First-Line Antiretroviral Therapy Less Effective in Patients With 100,000 HIV-1 Copies/mL or More at Baseline: Presented at AIDS 2012

By Brian Hoyle
WASHINGTON, DC -- July 27, 2012 -- First-line antiretroviral (ART) compounds have poor efficacy against HIV-1 infection at 48 weeks of treatment in patients with a baseline HIV-1 ribonucleic acid (RNA) level of 100,000 copies/mL or greater, researchers reported here at the 19th AIDS Conference.
The findings were consistent in a meta-analysis involving over 12,000 patients treated with a broad array of ART compounds with different nucleoside analogues and treatment classes.
“In this meta-analysis of 21 randomised trials, patients with baseline HIV-1 RNA levels ·100,000 copies/mL were significantly less likely to have full suppression to The trials were identified in a MEDLINE search of articles that addressed ART efficacy at a baseline HIV-1 RNA level under 100,000 copies/mL (designated the low subgroup) versus 100,000 copies/mL or higher (the high subgroup). The standardised efficacy endpoint used in the meta-analysis was the percentage of patients with HIV-1 RNA levels under 50 copies/mL at week 48 of treatment. The statistical analysis was concerned with the association between the baseline condition and the efficacy endpoint.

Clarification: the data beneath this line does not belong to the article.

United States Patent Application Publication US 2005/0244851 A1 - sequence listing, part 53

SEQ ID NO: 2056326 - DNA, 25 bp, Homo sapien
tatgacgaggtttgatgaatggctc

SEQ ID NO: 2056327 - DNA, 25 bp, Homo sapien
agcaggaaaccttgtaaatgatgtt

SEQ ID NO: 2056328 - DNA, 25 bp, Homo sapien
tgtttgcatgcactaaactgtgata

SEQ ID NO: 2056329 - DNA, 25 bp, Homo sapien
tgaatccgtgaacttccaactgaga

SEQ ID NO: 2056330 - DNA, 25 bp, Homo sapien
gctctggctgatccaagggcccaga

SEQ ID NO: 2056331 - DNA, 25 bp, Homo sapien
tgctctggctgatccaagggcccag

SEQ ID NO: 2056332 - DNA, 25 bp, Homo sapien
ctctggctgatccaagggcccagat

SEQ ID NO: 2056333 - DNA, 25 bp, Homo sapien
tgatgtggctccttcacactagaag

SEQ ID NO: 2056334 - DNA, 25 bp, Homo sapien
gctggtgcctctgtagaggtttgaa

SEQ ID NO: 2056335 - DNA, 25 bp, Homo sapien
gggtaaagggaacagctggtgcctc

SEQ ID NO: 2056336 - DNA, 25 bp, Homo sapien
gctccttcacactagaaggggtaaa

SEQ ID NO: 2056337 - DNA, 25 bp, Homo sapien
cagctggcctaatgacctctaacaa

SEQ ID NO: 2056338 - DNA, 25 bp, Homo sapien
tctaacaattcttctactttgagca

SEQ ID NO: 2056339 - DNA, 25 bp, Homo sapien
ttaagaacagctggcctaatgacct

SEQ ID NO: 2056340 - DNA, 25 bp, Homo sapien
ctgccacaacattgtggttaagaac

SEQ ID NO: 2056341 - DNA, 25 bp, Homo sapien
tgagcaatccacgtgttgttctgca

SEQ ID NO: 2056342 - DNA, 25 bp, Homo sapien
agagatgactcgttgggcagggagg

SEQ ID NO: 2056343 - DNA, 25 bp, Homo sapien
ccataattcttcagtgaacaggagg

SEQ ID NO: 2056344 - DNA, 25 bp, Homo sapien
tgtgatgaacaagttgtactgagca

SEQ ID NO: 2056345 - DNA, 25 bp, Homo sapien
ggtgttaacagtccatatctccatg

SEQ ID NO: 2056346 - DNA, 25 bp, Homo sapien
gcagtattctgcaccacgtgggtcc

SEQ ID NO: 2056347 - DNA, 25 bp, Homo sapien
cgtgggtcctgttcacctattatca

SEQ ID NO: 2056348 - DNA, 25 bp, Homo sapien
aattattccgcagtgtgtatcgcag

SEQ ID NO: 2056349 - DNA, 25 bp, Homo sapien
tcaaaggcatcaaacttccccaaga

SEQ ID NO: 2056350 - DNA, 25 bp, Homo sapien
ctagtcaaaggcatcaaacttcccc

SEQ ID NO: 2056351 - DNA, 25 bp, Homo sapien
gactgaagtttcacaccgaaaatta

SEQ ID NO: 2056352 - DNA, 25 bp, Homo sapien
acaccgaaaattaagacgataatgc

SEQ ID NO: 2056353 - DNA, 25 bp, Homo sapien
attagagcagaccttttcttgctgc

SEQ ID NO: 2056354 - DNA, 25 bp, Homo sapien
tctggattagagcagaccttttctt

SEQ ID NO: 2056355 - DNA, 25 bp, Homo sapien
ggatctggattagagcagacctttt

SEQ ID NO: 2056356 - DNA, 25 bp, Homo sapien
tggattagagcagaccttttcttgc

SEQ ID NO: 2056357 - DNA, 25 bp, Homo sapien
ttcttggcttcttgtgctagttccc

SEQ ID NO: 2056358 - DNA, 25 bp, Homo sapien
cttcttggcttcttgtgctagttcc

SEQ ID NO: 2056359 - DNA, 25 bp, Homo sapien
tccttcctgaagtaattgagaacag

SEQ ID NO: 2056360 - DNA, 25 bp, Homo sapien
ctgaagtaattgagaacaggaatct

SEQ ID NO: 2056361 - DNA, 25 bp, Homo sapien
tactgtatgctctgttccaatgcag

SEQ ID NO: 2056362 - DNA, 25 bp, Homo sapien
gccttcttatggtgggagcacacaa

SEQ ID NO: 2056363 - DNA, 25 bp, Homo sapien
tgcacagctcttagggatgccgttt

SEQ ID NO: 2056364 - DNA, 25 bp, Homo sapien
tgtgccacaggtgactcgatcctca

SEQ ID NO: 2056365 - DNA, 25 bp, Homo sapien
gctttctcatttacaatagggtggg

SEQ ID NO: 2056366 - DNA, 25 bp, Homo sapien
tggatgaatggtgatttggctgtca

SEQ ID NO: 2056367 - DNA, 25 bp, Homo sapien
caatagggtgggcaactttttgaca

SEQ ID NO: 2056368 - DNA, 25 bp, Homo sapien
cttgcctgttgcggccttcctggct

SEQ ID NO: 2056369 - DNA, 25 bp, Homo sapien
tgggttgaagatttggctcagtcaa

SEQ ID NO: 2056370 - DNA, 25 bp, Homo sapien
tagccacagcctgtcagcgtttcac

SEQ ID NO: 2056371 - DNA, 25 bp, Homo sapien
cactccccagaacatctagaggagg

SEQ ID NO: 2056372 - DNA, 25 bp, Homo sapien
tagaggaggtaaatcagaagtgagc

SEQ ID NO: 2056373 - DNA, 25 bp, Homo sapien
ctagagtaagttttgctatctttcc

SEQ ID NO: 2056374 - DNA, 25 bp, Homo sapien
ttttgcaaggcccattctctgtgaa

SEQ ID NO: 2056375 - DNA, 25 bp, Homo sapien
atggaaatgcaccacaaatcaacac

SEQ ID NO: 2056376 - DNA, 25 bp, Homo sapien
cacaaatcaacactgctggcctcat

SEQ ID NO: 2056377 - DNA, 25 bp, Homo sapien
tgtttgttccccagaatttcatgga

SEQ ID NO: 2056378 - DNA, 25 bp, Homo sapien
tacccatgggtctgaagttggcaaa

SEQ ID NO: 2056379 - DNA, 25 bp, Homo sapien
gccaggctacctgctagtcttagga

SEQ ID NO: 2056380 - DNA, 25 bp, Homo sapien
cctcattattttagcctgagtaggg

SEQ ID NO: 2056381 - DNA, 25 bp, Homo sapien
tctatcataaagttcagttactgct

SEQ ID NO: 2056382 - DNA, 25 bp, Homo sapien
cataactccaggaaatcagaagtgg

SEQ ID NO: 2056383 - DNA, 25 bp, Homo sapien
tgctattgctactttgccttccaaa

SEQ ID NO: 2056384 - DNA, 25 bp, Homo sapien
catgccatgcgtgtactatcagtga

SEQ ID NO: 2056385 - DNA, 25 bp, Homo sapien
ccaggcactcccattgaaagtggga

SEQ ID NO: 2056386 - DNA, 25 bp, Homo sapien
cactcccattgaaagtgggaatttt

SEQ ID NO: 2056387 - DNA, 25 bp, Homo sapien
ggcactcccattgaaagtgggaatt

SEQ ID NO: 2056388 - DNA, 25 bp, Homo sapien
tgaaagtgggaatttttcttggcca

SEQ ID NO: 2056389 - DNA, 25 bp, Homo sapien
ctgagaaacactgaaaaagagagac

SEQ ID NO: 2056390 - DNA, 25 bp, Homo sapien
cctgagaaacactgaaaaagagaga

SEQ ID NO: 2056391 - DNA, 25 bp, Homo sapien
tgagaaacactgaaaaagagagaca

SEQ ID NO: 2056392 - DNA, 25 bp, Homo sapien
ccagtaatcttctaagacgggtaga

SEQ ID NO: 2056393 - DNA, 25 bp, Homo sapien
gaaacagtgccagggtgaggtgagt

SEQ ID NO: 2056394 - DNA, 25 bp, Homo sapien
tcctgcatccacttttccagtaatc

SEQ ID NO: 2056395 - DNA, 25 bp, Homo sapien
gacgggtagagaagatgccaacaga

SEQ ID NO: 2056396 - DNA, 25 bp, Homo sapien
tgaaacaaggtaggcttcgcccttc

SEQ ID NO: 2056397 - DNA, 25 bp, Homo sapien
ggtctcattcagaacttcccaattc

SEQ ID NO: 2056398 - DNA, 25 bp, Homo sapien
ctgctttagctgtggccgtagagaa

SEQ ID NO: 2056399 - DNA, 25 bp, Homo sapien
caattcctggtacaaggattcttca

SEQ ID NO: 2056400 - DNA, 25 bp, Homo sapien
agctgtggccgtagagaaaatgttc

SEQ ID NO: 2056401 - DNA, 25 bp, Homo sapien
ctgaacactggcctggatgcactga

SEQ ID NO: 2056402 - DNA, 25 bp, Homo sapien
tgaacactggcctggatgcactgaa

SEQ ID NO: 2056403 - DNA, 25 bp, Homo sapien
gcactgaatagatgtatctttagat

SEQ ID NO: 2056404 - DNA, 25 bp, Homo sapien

The assessed studies involved the nucleoside analogues tenofovir, emtricitabine (FTC), lamivudine (3TC), zidovudine (ZDV), stavudine (d4T), and abacavir (ABC); the non-nucleoside reverse transcriptase inhibitors (NNRTIs) efavirenz, nevirapine, etravirine, and rilpivirine; the protease inhibitors (PIs) lopinavir/ritonavir (r), darunavir/r, atazanavir/r, and fosamprenavir/r; the integrase inhibitors raltegravir and elvitegravir/cobicistat; and the CCR5 antagonist maraviroc.
Only 8 trials evaluated NNRTI-based treatment, 8 evaluated PI-based treatment, and 5 evaluated different treatment classes. Seven of the trials included TDF/FTC as the NRTI backbone, while 12 included either ABC/3TC (n = 7), ZDV/3TC (n = 4), or d4T/3TC (n = 1).
Across all trials, HIV-1 RNA was reduced to less than 50 copies/mL at week 48 in 5,322 of 6,814 (81.5%) patients in the low subgroup and in 3,949 of 5,556 (72.6%) patients in the high subgroup.
Stratifying by trial revealed an absolute difference in efficacy between the low and high subgroups of 7.3% (95% confidence interval [CI], 5.9%-8.9%, P <.001 this subgroup-related efficacy difference held in the nnrti-based trials ci and pi-based integrase- or ccr5-based> The difference in efficacy was maintained when including only the 7 trials using TDF/FTC as the NRTI backbone (difference = 9.8%, 95% CI, -7.3% to -12.3%). There was no evidence for heterogeneity of this difference between trials concerning the classes of drugs used or the NRTI backbone.
The reduced treatment efficacy with high viral load and the lack of discernible benefit between different NRTI backbones and treatment classes indicates that the outcome in terms of viral suppression for those with a high baseline viral load is not optimistic.
[Presentation title: Effects of Baseline HIV-1 RNA Levels on the 48 Week Efficacy of First-Line Antiretroviral Treatment for HIV: A Meta-Analysis of 10,962 Patients in 19 Randomised Clinical Trials. Abstract TUPE085]

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